Penguin Classics portal on Wikisource

I’ve made a start of a system to pull data from Wikidata and generate a portal for the Penguin Classics, with appropriate links for those that are on Wikisource or are ready to be transcribed.

I’m a bit of a Sparql newbie, so perhaps this could’ve been done in a single query. However, I’m doing it in two stages: first, gathering all the ‘works’ that have at least one edition published by Penguin Classics, and then finding all editions of each of those works and seeing if any of them are on Wikisource. Oh, and including the ones that aren’t, too!

Wikidata:WikiProject Books sort of uses the FRBF model to represent primarily books and editions (‘editions’ being a combination of manifestation and expression levels of the FRBF; i.e. an edition realises and embodies a work). So most of the metadata we want exists at the ‘work’ level: title, author, date of first publication, genre, etc.

At the ‘edition’ level we look for a link to Wikisource (because a main-namespace item on Wikisource is an edition… although this gets messy; see below), and a link to the edition’s transcription project. Actually, we also look for these on the work itself, because often Wikidata has these properties there instead or as well — which is wrong.

Strictly speaking, the work metadata shouldn’t have anything about where the work is on Wikisource (either mainspace or Index file). The problem with adhering to this, however, is that by doing so we break interwiki links from Wikisource to Wiktionary. Because a Wikipedia article is (almost always) about a work, and we want to link a top-level Wikisource mainspace pages to this work… and the existing systems for doing this don’t allow for the intermediate step of going from Wikisource to the edition, then to the work and then to Wikipedia.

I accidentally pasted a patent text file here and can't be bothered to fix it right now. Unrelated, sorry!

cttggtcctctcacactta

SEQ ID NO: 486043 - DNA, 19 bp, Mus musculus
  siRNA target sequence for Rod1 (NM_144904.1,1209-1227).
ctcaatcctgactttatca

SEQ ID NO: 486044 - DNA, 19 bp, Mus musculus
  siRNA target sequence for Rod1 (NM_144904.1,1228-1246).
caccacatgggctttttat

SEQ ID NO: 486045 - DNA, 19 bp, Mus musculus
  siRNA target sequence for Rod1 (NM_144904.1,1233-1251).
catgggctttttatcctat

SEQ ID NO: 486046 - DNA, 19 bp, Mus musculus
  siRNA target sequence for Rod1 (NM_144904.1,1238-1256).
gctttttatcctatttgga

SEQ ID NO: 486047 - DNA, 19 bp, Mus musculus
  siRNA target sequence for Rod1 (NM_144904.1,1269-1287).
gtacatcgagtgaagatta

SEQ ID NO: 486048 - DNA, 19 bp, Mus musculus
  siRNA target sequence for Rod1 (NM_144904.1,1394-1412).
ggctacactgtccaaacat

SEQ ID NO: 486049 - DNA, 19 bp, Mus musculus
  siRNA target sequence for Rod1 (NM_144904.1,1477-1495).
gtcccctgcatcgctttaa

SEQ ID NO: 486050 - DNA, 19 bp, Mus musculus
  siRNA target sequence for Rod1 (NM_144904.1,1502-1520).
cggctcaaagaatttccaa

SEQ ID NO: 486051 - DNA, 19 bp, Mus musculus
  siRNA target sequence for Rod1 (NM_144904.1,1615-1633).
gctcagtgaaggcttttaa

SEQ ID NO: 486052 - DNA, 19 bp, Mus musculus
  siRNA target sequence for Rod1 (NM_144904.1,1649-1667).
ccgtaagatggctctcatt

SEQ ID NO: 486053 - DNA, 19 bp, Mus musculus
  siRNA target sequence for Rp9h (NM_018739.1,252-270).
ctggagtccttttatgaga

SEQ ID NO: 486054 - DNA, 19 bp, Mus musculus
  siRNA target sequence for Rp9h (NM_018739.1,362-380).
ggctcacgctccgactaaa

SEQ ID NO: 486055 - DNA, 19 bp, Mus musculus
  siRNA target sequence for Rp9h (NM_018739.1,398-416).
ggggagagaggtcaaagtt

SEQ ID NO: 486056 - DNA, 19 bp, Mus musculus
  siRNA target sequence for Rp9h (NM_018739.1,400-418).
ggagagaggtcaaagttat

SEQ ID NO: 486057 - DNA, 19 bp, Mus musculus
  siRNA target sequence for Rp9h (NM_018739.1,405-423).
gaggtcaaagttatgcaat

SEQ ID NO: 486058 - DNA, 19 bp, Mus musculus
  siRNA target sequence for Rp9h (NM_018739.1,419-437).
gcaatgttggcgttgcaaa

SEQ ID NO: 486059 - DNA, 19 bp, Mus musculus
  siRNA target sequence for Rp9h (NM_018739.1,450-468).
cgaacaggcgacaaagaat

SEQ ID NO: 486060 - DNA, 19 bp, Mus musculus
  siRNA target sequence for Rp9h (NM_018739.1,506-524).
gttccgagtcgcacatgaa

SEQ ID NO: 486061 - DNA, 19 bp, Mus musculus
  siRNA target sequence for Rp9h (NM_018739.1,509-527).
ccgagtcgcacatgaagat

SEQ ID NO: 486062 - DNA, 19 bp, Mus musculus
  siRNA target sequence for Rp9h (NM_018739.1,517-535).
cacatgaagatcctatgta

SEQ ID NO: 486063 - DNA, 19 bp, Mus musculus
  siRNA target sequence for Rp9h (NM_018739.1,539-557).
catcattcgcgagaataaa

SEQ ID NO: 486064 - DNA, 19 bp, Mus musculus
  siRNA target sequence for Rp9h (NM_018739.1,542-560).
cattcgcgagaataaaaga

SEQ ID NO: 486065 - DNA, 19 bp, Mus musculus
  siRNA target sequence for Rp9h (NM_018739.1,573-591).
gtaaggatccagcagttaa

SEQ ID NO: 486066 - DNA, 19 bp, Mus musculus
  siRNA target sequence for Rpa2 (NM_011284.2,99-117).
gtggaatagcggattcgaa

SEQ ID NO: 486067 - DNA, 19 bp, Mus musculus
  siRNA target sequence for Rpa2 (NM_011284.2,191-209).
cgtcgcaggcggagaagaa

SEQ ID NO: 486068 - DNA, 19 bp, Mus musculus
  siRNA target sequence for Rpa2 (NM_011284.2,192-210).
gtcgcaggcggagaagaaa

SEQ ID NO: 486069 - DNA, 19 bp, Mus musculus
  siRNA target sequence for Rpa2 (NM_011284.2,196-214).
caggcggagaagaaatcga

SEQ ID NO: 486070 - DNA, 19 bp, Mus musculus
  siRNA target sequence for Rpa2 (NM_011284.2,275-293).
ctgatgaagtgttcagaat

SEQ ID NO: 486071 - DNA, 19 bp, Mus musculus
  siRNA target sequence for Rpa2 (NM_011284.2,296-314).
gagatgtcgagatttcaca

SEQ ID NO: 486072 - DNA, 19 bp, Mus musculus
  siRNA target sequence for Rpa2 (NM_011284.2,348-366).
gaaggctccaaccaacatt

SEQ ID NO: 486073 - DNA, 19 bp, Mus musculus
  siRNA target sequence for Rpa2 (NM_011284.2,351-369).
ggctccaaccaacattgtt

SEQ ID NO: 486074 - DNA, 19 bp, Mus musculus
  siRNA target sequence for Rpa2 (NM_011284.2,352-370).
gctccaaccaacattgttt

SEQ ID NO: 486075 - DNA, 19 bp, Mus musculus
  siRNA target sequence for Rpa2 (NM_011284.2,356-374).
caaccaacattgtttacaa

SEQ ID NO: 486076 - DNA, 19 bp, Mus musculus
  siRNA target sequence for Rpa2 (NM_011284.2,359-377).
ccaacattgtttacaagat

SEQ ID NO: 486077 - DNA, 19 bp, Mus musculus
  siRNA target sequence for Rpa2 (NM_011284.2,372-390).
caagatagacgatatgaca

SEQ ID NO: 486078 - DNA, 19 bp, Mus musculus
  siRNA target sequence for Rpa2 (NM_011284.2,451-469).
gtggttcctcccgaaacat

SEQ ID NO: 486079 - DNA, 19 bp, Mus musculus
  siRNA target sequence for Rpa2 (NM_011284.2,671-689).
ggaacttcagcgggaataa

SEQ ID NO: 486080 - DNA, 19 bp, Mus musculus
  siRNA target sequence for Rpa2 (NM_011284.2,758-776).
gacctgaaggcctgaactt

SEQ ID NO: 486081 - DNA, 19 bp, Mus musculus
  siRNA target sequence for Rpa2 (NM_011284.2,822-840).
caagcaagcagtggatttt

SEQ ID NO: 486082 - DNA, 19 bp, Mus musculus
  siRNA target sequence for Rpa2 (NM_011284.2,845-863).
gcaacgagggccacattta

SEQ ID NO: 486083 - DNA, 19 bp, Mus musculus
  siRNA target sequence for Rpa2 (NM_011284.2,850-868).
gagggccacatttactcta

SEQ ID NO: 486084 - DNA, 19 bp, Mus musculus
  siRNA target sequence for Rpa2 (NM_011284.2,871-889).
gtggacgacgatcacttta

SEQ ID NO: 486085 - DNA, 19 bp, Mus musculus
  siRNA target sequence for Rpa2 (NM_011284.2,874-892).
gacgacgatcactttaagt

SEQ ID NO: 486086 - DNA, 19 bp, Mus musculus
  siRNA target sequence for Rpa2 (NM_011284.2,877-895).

So for now, my scruffy little script looks for project links at both levels, and seems to do so successfully.

The main problem now is that there’s just not much data about these books on Wikidata! I’ll get working on that next…

Reading, quietly

There is something exquisite in the act of sitting still in a comfortable place, reading, with a nice view. Writing sometimes, to note down the habits of passing sheep. And sometimes drinking, perhaps, once the sun has dropped to that point in the sky. But the important thing is the still small quiet that can be felt, occasionally. And the ability to see a bit of a distance. A good book helps, but isn’t really the point.

Penguin Classics on Wikisource

As a way of learning Sparql and more about Wikidata, I’m trying to make a list of which pre-1924 Penguin Classics are on Wikisource.

Penguin lists their books at penguin.com.au/browse/by-imprint/penguin-classics.

The following Wikidata Query Service query lists all editions published by Penguin, their date of original publication, and whether there’s an Index page on Wikisource for the work or edition.

SELECT ?edition ?editionLabel ?work ?workLabel ?originalPublicationDate ?wikisourceIndexForWork ?wikisourceIndexForEdition
WHERE
{
  ?edition wdt:P31 wd:Q3331189 .
  ?edition wdt:P577 ?publicationDate .
  ?edition wdt:P123 ?publisher .
  FILTER(